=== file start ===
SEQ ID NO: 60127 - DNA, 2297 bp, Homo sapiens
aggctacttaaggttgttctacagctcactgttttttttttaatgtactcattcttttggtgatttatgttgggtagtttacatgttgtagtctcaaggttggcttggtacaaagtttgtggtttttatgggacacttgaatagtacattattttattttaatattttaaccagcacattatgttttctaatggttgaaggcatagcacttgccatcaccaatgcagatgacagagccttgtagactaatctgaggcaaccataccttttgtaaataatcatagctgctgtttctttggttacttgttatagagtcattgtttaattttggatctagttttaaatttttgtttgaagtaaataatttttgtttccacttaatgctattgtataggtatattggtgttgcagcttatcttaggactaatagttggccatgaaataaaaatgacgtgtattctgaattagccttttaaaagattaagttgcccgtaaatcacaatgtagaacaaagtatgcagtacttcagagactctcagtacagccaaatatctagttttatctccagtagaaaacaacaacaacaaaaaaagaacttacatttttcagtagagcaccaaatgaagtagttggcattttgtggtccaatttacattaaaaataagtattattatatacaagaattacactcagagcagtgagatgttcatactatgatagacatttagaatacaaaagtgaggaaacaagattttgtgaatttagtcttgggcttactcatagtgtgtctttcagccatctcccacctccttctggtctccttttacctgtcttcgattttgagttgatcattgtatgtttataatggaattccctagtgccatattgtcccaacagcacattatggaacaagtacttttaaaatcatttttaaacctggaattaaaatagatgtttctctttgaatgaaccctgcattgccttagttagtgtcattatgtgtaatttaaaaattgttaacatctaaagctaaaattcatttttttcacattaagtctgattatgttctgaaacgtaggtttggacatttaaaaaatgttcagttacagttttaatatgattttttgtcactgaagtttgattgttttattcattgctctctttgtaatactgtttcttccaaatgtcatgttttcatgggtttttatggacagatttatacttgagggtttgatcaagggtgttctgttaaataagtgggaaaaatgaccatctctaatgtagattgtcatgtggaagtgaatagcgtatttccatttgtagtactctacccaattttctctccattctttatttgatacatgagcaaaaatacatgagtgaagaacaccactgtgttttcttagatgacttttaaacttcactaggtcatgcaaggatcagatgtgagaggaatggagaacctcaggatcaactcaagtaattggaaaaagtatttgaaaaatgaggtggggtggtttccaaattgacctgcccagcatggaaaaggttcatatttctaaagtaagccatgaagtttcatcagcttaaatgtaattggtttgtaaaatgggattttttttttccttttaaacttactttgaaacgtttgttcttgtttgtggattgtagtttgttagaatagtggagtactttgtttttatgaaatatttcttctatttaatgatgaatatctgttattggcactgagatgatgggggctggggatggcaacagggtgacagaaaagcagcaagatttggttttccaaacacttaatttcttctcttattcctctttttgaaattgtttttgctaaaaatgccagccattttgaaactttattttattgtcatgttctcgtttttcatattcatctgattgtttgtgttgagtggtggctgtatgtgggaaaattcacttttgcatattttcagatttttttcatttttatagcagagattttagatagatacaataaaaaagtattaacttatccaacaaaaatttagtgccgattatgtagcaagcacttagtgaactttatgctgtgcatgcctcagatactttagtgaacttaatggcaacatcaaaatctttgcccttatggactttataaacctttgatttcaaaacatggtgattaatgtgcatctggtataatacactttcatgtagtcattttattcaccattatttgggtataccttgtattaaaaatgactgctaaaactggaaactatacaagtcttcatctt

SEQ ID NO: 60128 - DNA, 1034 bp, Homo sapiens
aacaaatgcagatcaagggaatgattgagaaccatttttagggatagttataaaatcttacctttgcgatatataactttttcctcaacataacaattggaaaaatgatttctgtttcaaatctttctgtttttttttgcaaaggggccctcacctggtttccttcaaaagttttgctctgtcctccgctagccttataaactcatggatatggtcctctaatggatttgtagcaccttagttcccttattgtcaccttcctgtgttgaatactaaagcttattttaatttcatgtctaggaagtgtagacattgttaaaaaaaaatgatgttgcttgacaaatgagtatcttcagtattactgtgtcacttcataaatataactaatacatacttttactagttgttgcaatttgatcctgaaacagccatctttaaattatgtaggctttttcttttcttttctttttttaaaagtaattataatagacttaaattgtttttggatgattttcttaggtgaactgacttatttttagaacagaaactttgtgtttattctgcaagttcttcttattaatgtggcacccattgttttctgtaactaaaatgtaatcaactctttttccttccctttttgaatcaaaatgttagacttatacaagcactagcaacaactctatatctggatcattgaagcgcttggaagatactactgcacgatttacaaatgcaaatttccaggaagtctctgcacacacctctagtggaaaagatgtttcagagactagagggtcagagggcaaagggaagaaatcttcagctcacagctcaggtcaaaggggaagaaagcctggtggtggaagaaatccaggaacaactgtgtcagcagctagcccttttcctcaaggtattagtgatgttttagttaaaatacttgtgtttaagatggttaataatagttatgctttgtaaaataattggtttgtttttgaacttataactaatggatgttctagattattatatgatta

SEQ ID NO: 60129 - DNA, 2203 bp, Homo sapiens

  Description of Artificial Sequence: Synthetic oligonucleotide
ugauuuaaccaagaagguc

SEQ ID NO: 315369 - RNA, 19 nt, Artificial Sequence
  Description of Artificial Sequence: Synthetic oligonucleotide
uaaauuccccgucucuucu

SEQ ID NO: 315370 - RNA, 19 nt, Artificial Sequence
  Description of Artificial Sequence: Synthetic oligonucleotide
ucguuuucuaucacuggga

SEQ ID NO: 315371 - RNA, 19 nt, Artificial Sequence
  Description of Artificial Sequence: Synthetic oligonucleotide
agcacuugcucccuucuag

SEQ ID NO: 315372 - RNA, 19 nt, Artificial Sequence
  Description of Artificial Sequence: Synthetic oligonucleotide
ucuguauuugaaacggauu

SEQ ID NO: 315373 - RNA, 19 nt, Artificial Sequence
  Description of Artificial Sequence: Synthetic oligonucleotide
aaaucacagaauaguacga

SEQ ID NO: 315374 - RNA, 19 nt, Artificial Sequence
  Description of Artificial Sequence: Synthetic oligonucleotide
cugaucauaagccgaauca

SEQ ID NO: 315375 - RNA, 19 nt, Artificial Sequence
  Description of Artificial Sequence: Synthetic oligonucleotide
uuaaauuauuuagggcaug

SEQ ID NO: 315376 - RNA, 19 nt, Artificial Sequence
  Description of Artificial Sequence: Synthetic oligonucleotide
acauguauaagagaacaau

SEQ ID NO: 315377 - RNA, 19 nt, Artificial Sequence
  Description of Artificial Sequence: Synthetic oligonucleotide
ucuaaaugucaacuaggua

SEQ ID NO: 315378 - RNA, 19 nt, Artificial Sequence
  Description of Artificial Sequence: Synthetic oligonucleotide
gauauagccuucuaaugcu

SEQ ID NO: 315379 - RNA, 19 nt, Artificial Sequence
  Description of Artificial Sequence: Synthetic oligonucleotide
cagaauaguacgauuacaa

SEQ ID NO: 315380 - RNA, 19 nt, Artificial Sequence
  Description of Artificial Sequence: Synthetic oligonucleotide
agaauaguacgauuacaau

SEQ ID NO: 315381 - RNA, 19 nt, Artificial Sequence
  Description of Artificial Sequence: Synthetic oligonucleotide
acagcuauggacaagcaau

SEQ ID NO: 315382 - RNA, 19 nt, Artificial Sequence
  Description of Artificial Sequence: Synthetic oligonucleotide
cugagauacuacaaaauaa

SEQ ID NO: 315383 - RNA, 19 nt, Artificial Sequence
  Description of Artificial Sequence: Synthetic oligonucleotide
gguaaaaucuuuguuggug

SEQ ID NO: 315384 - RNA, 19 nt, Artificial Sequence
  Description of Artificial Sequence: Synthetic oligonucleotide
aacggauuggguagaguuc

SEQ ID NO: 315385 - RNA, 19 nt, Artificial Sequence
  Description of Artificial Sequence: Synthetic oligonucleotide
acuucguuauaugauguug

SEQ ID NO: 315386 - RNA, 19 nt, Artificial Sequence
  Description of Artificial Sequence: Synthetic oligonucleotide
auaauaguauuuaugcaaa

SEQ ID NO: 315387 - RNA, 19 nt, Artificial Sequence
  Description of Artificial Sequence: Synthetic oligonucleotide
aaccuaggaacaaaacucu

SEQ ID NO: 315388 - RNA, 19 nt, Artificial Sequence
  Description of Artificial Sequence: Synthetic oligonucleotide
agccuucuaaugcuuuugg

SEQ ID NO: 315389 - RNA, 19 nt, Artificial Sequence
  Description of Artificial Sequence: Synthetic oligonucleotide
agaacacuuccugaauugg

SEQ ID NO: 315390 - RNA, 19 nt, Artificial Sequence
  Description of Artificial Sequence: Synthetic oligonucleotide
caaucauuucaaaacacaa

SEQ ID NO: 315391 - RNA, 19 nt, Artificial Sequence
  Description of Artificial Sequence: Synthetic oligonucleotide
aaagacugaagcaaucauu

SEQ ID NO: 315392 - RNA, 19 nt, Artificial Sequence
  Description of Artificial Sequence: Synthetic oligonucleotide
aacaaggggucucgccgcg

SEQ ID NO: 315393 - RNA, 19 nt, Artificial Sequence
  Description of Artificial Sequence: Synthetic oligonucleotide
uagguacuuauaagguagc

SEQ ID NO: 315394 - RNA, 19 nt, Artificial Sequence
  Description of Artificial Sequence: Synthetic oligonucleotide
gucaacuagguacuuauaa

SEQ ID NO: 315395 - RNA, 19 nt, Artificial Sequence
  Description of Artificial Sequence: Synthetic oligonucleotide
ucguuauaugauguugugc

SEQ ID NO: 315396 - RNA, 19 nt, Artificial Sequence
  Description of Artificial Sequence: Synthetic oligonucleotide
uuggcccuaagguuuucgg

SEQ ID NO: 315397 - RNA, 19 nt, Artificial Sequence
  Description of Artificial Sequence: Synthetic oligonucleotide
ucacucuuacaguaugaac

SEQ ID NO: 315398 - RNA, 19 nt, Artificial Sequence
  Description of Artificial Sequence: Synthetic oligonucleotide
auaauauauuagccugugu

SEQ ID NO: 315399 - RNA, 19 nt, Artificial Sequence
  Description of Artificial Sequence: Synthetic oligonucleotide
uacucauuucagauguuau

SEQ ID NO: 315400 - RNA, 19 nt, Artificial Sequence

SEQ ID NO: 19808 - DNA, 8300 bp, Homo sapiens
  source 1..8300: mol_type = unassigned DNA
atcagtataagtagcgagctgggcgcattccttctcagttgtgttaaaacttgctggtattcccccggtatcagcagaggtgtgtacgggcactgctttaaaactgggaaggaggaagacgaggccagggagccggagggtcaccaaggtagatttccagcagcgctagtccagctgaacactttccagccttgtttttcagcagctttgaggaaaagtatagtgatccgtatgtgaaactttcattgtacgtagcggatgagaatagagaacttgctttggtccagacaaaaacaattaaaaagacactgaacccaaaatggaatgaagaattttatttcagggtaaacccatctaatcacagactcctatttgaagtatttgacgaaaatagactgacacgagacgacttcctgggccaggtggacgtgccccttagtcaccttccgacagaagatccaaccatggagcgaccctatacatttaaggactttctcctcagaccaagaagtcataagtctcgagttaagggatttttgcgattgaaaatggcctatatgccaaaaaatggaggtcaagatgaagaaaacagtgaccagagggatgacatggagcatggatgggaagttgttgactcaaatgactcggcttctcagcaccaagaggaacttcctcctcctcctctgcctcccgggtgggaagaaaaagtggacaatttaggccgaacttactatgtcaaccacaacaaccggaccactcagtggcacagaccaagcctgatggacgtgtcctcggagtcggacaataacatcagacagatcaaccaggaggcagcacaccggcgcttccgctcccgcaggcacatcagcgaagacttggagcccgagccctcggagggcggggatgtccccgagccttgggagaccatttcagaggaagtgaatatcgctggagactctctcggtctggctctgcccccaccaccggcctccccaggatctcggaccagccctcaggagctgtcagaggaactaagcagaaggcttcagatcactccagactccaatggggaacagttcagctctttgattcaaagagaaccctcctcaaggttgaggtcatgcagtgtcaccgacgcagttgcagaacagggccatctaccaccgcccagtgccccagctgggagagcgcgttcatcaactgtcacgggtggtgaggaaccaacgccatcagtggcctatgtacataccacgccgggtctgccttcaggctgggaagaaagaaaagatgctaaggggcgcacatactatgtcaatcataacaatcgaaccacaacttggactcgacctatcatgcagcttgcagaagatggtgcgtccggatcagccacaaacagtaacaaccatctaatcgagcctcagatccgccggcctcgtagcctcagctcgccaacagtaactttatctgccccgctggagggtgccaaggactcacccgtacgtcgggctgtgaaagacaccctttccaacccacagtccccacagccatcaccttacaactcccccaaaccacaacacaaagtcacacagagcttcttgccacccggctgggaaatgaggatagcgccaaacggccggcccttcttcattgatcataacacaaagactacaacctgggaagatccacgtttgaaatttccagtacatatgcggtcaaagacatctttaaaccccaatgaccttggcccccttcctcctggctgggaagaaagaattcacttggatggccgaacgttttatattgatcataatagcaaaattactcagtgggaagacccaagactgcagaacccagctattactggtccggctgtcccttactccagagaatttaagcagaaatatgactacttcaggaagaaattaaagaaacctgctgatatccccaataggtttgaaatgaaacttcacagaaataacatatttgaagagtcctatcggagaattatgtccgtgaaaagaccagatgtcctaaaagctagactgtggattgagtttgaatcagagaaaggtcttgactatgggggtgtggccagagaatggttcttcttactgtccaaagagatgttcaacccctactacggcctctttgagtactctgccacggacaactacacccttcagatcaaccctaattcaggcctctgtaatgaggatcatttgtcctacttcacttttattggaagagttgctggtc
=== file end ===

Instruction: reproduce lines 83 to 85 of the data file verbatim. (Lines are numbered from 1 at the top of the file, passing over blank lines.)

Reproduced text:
SEQ ID NO: 315394 - RNA, 19 nt, Artificial Sequence
  Description of Artificial Sequence: Synthetic oligonucleotide
gucaacuagguacuuauaa